A common thread follows all of the media’s hind-sighted revelations of their Bill Cosby coverage: He was intimidating, he was respected, and he was a beloved figure.

As such, they were reluctant to challenge him publicly. From his biographer Mark Whitaker to Erin Keane of Salon, Cosby was allowed to slip through the cracks, despite numerous allegations of the most heinous order because of those reasons. This is why Cosby had been shocked into silence when NPR reporter Scott Simon raised the subject in a radio interview. Cosby had enjoyed a long precedent of the unspoken rule that such things would remain unspoken.

In a Sept. 7th op-ed in The New York Times titled “Rape and Rotherham” columnist Ross Douthat wrote of a small industrial town in England where gangs of Pakistani men raped approximately 1,400 girls. According to Douthat, a combination of political and racial correctness led to the perpetuation of these crimes, and more so, to them being overlooked and gotten away with.

“The crimes in Rotherham,” Douthat wrote, “seem scripted to vindicate a reactionary critique of liberal multiculturalism: Here are immigrant gangs exploiting a foolish Western tolerance; here are authorities too committed to ‘diversity’ to react appropriately; here is a liberal society so open-minded that both its brain and conscience have fallen out.”

Which brings us to Bill Cosby, who as of this post has had at least a half-dozen women accuse him of sexual harassment, ranging from forced oral sex to rape. The famed comedian has declined to even comment on the troubling allegations in recent interviews (the few whereby journalists actually dared to ask).

In a society that idolizes celebrity above all, that elevates certain personas as “successful” based on box-office dollars and bookability, we have unwittingly created a culture of exploitation. By equating celebrity with power, Hollywood built a system whereby a sovereign can rule (and overpower) underlings.

This is not unique to Hollywood. We have seen this in the Roman Catholic Church. We watched it unfold in Penn State. We have been here before. But there is another dimension in this case: Is it possible that in our effort to elevate a black persona to such royalty in an effort to show just how liberal and just how post-racial we are, we gave less credence to claims about his sexual impropriety? Is it then possible that we not only created the culture that allowed him such omnipotence, but celebrated it as a way to revel in our open-mindedness?

It’s important to realize not only that these allegations came to light long after they had been reported by white females, but only caught the nation’s attention at the hands of Hannibal Buress, a black male comedian. Was this the only such scenario that could have brought such a damning indictment on Cosby? Have we learned once again that political correctness does little more than to mask an underlying problem and that racism, sexism, and a rampant rape culture is alive and well in Obama’s America?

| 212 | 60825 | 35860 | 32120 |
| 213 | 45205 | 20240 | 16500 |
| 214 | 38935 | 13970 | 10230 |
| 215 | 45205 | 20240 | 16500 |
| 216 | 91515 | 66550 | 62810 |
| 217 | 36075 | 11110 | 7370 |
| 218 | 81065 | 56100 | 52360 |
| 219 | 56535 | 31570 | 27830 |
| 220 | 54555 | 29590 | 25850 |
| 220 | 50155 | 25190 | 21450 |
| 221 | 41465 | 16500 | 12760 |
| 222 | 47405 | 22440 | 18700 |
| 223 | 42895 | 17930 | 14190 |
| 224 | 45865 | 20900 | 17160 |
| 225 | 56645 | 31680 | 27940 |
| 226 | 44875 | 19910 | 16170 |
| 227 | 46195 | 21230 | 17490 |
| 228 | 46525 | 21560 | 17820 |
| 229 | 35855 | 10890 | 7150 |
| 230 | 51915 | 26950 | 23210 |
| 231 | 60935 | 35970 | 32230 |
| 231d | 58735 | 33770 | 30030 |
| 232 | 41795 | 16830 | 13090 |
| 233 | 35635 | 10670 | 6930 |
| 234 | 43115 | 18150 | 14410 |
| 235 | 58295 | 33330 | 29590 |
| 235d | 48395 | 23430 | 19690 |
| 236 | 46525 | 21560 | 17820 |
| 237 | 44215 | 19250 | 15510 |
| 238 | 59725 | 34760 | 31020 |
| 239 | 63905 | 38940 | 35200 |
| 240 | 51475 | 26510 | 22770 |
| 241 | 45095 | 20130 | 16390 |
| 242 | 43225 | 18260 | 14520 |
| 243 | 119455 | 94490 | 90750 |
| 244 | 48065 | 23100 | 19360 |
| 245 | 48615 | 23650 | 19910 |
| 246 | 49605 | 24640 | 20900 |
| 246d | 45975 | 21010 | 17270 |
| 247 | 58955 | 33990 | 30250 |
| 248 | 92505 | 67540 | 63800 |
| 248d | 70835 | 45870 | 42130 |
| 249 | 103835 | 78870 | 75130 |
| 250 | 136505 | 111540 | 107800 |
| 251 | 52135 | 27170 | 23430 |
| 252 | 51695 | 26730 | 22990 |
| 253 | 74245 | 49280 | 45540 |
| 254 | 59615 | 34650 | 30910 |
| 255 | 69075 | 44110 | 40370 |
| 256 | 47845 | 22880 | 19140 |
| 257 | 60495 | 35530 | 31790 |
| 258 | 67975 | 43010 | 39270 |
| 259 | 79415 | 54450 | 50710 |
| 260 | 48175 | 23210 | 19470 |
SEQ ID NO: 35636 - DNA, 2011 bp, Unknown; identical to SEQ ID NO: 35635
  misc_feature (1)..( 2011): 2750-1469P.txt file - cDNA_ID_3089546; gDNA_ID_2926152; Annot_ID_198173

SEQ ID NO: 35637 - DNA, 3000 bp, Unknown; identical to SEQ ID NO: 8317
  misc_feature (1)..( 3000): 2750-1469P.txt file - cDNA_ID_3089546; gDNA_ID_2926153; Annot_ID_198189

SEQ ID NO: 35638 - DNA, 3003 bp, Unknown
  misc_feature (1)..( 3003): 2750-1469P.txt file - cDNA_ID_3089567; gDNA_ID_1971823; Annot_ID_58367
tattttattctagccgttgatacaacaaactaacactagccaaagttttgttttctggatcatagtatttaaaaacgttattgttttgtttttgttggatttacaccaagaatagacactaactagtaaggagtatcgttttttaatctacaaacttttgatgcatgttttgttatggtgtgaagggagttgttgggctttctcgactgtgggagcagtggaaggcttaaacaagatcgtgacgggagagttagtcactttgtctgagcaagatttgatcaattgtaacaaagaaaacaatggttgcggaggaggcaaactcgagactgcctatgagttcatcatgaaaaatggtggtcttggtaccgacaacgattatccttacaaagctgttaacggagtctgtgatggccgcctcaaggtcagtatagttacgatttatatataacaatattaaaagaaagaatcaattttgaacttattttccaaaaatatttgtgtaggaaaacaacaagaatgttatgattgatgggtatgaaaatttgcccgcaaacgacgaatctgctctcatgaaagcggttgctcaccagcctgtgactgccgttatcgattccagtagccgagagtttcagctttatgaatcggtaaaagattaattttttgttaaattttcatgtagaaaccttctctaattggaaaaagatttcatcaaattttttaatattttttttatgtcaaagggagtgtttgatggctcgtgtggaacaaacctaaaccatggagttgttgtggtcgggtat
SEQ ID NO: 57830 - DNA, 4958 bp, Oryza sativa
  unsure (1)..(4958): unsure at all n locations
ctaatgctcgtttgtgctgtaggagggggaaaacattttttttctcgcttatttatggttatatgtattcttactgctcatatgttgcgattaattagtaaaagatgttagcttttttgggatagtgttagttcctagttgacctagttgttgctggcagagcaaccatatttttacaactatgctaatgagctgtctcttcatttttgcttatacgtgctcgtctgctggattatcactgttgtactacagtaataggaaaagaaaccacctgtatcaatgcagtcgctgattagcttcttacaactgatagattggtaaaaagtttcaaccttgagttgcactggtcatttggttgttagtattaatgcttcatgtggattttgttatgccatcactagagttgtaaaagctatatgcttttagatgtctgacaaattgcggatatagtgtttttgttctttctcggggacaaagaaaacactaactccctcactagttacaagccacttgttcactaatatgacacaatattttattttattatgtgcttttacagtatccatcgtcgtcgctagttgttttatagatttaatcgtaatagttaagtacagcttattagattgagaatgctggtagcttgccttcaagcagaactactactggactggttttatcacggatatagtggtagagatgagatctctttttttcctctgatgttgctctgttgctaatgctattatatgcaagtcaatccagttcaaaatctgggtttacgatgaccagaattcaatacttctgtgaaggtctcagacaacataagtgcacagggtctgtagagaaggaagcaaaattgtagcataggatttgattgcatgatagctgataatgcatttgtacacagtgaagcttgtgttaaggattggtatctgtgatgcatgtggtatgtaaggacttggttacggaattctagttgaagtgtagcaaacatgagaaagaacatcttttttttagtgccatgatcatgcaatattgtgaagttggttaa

And is this something Bill Cosby not only recognized, but cultivated as a cloak under which he hid his alleged misdeeds? Cosby has been known in recent years less as the pioneer who brought the Huxtables into our living room in the ‘80s, but as a harsh critic of contemporary black culture. His rants have taken no prisoners, challenging his fellow African-Americans to “do a better job.”

For example, in a speech to the NAACP, he launched this invective: “People putting their clothes on backward: Isn’t that a sign of something gone wrong? People with their hats on backward, pants down around the crack, isn’t that a sign of something? Or are you waiting for Jesus to pull his pants up? Isn’t it a sign of something when she has her dress all the way up and got all type of needles [piercing] going through her body?”

Is it possible that his offense was also his best defense? Was he pointing fingers away from himself so forcefully so that no one would dare look his way?

Douthat counsels us to look not at the old framework from which sexual predators have come before, but at the circumstance through which we enable them to be born. Precisely, those to whom we give a blank check in the form of respect, love, and the power of intimidation. To those we are afraid to challenge publicly.

“Show me what a culture values, prizes, puts on a pedestal, and I’ll tell you who is likely to get away with rape,” writes Douthat.

Bill Cosby was a man we could feel good about not only because he presented a vision of a true progressive America but in part because he made us feel good about ourselves, by showing us how non-racist we were. And yet by not holding his feet to the fire we demonstrated exactly how unequal the system is—in very much the same way we dismiss all criticisms of Obama as racist. Are most critiques of Obama based in some racial bias? Most likely. However, denying that some opposing viewpoints have actual legitimacy does a disservice to us all.

By holding any figure above the fray, by failing to question and challenge anyone who carries power, is the first step to creating a window through which evil can fester.

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